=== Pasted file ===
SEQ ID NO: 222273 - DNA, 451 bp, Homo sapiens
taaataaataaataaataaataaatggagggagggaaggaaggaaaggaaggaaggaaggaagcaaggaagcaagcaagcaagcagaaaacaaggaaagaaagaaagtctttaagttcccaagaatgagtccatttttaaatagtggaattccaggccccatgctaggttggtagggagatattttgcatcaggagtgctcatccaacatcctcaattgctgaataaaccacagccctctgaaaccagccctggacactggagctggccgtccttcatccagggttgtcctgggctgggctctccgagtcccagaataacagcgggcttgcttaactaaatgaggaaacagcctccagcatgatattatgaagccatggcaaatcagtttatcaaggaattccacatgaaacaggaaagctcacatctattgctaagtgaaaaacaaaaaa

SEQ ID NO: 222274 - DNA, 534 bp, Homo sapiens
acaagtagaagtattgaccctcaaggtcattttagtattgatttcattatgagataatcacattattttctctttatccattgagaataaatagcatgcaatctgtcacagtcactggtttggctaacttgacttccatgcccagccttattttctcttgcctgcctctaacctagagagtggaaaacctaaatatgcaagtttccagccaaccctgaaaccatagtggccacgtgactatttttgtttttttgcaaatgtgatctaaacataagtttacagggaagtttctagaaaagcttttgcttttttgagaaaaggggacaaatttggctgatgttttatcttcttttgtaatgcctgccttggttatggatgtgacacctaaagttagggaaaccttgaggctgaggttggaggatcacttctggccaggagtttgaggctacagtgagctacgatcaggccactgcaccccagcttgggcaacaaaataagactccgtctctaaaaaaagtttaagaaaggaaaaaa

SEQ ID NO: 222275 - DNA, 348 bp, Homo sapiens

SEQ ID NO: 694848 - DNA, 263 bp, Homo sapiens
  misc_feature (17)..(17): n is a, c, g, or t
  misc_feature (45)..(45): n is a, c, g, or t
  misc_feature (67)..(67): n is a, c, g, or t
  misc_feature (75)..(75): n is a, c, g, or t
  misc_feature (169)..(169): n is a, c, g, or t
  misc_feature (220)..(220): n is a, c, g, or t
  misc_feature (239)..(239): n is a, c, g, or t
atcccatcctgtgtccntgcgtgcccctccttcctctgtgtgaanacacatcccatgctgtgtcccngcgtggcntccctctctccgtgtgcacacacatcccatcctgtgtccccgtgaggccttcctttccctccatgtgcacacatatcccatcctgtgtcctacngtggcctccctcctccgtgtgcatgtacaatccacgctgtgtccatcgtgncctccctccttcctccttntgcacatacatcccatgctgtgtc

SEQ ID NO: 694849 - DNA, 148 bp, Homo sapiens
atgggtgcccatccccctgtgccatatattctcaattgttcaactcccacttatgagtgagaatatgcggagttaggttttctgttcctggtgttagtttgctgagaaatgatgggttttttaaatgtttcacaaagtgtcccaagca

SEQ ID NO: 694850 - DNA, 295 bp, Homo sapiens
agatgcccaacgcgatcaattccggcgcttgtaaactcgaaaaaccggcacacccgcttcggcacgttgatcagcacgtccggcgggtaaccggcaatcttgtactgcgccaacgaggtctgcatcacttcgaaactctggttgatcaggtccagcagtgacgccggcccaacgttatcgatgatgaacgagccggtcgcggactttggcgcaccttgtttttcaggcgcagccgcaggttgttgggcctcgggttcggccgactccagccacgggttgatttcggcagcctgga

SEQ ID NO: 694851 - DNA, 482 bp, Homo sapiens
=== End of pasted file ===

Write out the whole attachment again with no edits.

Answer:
SEQ ID NO: 222273 - DNA, 451 bp, Homo sapiens
taaataaataaataaataaataaatggagggagggaaggaaggaaaggaaggaaggaaggaagcaaggaagcaagcaagcaagcagaaaacaaggaaagaaagaaagtctttaagttcccaagaatgagtccatttttaaatagtggaattccaggccccatgctaggttggtagggagatattttgcatcaggagtgctcatccaacatcctcaattgctgaataaaccacagccctctgaaaccagccctggacactggagctggccgtccttcatccagggttgtcctgggctgggctctccgagtcccagaataacagcgggcttgcttaactaaatgaggaaacagcctccagcatgatattatgaagccatggcaaatcagtttatcaaggaattccacatgaaacaggaaagctcacatctattgctaagtgaaaaacaaaaaa

SEQ ID NO: 222274 - DNA, 534 bp, Homo sapiens
acaagtagaagtattgaccctcaaggtcattttagtattgatttcattatgagataatcacattattttctctttatccattgagaataaatagcatgcaatctgtcacagtcactggtttggctaacttgacttccatgcccagccttattttctcttgcctgcctctaacctagagagtggaaaacctaaatatgcaagtttccagccaaccctgaaaccatagtggccacgtgactatttttgtttttttgcaaatgtgatctaaacataagtttacagggaagtttctagaaaagcttttgcttttttgagaaaaggggacaaatttggctgatgttttatcttcttttgtaatgcctgccttggttatggatgtgacacctaaagttagggaaaccttgaggctgaggttggaggatcacttctggccaggagtttgaggctacagtgagctacgatcaggccactgcaccccagcttgggcaacaaaataagactccgtctctaaaaaaagtttaagaaaggaaaaaa

SEQ ID NO: 222275 - DNA, 348 bp, Homo sapiens

SEQ ID NO: 694848 - DNA, 263 bp, Homo sapiens
  misc_feature (17)..(17): n is a, c, g, or t
  misc_feature (45)..(45): n is a, c, g, or t
  misc_feature (67)..(67): n is a, c, g, or t
  misc_feature (75)..(75): n is a, c, g, or t
  misc_feature (169)..(169): n is a, c, g, or t
  misc_feature (220)..(220): n is a, c, g, or t
  misc_feature (239)..(239): n is a, c, g, or t
atcccatcctgtgtccntgcgtgcccctccttcctctgtgtgaanacacatcccatgctgtgtcccngcgtggcntccctctctccgtgtgcacacacatcccatcctgtgtccccgtgaggccttcctttccctccatgtgcacacatatcccatcctgtgtcctacngtggcctccctcctccgtgtgcatgtacaatccacgctgtgtccatcgtgncctccctccttcctccttntgcacatacatcccatgctgtgtc

SEQ ID NO: 694849 - DNA, 148 bp, Homo sapiens
atgggtgcccatccccctgtgccatatattctcaattgttcaactcccacttatgagtgagaatatgcggagttaggttttctgttcctggtgttagtttgctgagaaatgatgggttttttaaatgtttcacaaagtgtcccaagca

SEQ ID NO: 694850 - DNA, 295 bp, Homo sapiens
agatgcccaacgcgatcaattccggcgcttgtaaactcgaaaaaccggcacacccgcttcggcacgttgatcagcacgtccggcgggtaaccggcaatcttgtactgcgccaacgaggtctgcatcacttcgaaactctggttgatcaggtccagcagtgacgccggcccaacgttatcgatgatgaacgagccggtcgcggactttggcgcaccttgtttttcaggcgcagccgcaggttgttgggcctcgggttcggccgactccagccacgggttgatttcggcagcctgga

SEQ ID NO: 694851 - DNA, 482 bp, Homo sapiens